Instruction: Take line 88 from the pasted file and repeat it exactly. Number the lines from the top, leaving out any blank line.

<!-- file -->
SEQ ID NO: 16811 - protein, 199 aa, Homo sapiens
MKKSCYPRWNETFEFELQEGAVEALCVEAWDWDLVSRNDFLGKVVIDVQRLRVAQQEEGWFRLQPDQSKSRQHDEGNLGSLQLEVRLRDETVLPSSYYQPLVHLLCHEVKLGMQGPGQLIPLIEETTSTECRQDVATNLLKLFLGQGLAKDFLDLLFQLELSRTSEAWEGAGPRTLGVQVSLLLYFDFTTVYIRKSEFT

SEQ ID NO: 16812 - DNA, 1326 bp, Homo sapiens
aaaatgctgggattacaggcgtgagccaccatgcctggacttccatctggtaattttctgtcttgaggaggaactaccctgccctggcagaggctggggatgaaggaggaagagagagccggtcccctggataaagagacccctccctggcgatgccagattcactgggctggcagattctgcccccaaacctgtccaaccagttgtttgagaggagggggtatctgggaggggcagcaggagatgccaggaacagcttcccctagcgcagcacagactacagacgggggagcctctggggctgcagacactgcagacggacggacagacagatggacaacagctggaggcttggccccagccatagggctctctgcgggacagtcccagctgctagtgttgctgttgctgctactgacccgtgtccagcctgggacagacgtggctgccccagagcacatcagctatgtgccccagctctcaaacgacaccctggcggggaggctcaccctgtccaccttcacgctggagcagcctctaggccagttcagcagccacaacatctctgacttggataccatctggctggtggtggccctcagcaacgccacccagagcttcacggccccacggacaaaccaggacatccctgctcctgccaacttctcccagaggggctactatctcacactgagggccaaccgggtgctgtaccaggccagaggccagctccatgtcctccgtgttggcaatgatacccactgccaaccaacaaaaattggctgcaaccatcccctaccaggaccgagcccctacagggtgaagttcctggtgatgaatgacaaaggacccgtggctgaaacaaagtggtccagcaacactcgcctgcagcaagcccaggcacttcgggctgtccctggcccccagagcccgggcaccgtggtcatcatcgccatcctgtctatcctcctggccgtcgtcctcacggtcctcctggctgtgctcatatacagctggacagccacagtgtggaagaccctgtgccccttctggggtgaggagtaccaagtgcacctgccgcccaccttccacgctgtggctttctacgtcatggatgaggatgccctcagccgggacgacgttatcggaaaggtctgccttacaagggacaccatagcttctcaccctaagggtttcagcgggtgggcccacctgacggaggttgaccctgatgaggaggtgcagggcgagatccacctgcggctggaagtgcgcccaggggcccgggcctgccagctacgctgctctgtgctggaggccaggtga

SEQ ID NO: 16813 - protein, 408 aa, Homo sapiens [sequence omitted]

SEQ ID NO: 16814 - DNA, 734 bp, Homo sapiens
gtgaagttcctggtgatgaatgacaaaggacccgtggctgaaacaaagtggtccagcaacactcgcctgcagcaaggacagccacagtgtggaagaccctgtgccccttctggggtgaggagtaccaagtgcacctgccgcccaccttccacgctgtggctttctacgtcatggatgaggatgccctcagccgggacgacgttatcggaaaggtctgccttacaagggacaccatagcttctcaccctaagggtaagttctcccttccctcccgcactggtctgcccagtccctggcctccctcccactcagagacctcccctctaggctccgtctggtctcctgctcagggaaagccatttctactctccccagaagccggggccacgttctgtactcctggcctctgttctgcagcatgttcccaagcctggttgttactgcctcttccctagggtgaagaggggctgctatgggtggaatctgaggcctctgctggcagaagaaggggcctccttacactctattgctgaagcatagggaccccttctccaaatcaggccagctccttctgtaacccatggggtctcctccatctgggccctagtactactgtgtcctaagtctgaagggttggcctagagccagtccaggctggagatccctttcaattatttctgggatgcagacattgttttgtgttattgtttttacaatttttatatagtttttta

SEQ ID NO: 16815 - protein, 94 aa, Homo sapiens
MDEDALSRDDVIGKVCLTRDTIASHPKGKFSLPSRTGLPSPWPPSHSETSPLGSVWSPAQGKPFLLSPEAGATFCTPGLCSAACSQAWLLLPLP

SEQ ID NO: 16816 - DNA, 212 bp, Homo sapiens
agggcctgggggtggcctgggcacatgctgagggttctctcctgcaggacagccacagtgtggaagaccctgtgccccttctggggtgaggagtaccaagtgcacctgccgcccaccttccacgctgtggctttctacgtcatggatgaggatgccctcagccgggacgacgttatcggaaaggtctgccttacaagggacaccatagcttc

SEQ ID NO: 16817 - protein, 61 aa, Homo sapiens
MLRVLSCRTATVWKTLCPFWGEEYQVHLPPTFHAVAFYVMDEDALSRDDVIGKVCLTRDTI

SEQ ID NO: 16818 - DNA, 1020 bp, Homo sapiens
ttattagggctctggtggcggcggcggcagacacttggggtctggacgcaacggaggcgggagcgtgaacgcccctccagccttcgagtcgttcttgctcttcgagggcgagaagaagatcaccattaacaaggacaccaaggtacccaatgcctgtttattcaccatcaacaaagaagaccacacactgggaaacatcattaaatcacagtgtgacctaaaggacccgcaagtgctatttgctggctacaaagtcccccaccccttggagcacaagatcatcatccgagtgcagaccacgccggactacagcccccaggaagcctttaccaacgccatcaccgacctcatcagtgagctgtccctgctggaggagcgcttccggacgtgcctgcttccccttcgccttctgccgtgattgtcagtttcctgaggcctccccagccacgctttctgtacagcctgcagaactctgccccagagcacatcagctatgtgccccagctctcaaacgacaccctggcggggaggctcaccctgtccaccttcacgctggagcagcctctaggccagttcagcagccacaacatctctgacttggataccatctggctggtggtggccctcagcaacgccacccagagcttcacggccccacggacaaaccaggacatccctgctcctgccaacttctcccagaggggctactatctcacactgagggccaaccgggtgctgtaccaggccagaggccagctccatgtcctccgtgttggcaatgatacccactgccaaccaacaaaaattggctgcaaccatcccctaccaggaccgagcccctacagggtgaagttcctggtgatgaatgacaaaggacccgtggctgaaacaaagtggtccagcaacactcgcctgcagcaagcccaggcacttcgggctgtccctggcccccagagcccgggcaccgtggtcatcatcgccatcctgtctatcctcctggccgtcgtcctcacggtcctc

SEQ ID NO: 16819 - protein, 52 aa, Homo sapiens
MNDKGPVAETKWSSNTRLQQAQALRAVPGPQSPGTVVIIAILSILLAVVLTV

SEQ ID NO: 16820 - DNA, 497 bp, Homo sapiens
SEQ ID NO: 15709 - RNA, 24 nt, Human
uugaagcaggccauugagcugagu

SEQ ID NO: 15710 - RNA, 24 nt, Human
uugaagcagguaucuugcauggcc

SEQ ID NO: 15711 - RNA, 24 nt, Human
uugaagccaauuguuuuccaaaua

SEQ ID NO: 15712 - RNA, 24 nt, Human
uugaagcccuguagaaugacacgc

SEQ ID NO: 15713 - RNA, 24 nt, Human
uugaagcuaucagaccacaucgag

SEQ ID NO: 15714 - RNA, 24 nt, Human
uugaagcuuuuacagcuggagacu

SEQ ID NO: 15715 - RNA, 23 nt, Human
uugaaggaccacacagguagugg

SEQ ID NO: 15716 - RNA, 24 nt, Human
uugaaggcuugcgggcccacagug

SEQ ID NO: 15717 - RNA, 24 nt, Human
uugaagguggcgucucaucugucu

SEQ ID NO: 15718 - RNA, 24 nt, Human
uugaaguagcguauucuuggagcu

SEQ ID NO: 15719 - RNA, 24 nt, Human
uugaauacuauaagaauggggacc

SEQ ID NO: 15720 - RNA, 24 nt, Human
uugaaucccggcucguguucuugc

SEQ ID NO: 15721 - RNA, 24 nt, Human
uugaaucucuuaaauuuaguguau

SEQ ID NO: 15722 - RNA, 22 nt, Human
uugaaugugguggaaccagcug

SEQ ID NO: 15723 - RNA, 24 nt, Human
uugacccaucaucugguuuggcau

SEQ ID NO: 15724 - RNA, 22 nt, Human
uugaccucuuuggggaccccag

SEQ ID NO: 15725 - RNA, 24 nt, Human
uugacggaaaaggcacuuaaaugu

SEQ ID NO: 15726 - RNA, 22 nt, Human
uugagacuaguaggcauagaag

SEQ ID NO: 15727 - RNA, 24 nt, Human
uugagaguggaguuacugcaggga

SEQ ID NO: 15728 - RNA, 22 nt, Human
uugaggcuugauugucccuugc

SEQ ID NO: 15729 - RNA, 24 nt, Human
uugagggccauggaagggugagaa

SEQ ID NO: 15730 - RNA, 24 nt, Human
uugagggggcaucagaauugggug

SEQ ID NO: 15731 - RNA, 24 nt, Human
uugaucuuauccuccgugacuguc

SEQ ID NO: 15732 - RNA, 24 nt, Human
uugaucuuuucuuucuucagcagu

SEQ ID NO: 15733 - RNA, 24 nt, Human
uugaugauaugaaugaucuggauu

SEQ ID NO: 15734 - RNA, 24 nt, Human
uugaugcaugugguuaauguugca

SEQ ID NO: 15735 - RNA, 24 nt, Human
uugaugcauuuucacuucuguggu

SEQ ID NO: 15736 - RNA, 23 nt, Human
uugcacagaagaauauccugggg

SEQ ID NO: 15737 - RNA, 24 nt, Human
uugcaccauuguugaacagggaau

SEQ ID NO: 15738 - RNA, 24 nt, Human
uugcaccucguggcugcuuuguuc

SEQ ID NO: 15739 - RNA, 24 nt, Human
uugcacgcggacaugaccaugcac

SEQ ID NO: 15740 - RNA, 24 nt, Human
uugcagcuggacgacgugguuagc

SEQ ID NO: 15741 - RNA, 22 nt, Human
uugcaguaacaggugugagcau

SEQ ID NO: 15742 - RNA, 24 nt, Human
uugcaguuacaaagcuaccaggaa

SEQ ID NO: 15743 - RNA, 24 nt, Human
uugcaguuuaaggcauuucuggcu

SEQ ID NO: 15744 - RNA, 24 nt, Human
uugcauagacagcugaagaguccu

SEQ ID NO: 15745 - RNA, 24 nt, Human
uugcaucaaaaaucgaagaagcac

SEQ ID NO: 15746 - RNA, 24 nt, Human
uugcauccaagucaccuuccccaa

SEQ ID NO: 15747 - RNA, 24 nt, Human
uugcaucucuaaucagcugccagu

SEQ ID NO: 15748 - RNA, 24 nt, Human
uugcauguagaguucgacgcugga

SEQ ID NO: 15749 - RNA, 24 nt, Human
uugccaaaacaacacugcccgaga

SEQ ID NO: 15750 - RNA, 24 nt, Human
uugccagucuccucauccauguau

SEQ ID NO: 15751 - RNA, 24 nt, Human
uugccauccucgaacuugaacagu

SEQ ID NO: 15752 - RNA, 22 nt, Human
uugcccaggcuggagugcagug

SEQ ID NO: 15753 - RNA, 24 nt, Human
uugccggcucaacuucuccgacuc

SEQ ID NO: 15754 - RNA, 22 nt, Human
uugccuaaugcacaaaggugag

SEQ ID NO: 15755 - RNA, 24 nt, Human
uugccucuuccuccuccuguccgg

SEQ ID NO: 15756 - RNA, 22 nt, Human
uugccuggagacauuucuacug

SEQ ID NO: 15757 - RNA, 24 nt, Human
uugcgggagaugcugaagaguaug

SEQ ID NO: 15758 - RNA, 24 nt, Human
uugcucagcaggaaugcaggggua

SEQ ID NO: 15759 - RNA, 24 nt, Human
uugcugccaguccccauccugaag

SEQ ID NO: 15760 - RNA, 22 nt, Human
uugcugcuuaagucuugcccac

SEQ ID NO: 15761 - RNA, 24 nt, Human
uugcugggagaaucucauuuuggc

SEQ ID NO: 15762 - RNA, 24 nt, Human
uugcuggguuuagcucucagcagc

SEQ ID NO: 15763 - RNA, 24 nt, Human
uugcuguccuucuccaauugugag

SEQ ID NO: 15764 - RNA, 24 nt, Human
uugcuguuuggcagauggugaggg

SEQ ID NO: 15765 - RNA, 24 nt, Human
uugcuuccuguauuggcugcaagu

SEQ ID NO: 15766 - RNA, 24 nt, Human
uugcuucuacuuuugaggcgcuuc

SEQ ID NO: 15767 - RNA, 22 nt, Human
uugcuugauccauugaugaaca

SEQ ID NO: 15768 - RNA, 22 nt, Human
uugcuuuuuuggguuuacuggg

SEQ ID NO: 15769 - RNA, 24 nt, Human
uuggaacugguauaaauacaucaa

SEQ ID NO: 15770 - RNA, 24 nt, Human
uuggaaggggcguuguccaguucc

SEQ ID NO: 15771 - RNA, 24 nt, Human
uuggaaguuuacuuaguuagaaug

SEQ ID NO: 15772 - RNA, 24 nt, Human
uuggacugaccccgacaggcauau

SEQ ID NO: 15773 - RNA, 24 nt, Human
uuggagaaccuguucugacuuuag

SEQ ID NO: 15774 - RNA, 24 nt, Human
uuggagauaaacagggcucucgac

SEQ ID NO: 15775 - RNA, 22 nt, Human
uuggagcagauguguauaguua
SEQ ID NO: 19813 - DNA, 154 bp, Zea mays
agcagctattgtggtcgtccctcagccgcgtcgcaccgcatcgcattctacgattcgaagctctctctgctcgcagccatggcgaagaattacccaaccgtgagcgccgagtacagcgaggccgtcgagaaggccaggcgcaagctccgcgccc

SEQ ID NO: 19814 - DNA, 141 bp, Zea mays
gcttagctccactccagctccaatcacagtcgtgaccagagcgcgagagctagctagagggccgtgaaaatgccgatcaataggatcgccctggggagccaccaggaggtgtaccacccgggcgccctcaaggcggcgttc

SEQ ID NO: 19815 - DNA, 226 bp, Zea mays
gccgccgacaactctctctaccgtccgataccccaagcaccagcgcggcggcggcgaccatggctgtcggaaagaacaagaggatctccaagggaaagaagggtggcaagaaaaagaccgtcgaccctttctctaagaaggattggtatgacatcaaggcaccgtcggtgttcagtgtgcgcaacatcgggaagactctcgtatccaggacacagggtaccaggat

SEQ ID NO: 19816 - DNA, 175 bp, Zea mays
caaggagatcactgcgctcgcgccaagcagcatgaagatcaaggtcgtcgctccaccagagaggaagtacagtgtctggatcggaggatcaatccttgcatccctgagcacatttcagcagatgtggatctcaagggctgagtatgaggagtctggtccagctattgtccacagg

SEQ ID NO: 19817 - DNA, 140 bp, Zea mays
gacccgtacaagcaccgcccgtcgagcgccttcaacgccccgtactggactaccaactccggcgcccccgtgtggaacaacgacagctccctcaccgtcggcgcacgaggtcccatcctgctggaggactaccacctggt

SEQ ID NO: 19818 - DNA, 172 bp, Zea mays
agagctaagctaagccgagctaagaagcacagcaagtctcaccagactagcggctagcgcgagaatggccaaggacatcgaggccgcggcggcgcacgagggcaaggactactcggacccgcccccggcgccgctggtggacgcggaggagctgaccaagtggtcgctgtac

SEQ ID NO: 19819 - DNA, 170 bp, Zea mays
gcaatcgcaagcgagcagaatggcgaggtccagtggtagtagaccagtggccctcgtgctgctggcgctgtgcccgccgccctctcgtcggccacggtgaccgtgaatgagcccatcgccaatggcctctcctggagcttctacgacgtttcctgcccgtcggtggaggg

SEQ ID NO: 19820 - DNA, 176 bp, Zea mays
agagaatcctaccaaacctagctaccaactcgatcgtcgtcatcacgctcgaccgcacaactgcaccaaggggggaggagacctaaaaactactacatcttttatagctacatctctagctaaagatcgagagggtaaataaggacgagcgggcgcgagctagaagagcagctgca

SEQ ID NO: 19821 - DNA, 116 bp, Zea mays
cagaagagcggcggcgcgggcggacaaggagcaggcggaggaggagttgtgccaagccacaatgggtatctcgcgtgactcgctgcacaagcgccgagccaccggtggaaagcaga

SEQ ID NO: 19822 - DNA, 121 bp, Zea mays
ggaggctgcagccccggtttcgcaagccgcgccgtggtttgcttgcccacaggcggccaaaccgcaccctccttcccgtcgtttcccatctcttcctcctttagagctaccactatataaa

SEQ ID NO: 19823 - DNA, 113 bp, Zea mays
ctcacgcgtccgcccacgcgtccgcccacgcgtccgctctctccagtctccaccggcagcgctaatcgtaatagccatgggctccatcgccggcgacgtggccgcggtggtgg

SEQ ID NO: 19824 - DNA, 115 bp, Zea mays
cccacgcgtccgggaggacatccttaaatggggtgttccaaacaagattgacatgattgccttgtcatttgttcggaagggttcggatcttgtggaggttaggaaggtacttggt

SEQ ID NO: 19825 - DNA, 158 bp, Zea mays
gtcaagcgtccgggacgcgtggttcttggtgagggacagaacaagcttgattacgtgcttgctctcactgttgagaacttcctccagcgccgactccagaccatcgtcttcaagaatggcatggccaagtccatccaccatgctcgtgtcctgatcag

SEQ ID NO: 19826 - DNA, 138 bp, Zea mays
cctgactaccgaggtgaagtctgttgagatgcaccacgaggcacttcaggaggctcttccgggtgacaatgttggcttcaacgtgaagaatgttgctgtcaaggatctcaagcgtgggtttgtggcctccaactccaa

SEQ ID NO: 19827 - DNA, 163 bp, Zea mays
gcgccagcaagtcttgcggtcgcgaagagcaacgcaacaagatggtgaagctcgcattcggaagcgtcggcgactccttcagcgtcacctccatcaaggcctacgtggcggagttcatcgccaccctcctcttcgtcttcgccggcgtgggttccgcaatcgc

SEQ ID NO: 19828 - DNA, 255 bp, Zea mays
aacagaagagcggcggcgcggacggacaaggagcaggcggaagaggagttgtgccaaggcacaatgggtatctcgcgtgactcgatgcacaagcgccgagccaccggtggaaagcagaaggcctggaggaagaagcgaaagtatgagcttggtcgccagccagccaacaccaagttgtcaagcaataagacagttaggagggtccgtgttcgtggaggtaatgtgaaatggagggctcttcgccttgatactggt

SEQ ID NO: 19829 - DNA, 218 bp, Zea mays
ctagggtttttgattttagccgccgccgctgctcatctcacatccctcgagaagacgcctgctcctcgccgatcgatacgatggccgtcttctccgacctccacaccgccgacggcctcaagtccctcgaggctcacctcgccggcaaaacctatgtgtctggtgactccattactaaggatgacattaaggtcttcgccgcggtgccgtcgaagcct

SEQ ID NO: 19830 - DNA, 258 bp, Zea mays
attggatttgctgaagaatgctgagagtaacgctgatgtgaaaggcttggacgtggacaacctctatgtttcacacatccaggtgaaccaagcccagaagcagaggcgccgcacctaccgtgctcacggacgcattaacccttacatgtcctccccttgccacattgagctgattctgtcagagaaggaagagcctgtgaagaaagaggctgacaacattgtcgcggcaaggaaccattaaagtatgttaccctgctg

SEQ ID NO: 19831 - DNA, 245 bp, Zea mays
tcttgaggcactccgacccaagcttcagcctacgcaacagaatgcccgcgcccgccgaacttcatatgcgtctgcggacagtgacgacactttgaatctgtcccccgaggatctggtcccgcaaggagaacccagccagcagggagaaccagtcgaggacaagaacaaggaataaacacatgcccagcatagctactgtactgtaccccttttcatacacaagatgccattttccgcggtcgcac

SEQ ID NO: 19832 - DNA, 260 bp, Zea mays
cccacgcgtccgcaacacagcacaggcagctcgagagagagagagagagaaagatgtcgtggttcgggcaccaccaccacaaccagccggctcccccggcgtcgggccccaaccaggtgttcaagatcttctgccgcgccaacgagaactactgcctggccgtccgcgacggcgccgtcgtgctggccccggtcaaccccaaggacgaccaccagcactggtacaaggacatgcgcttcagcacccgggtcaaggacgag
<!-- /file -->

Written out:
uugcaguuuaaggcauuucuggcu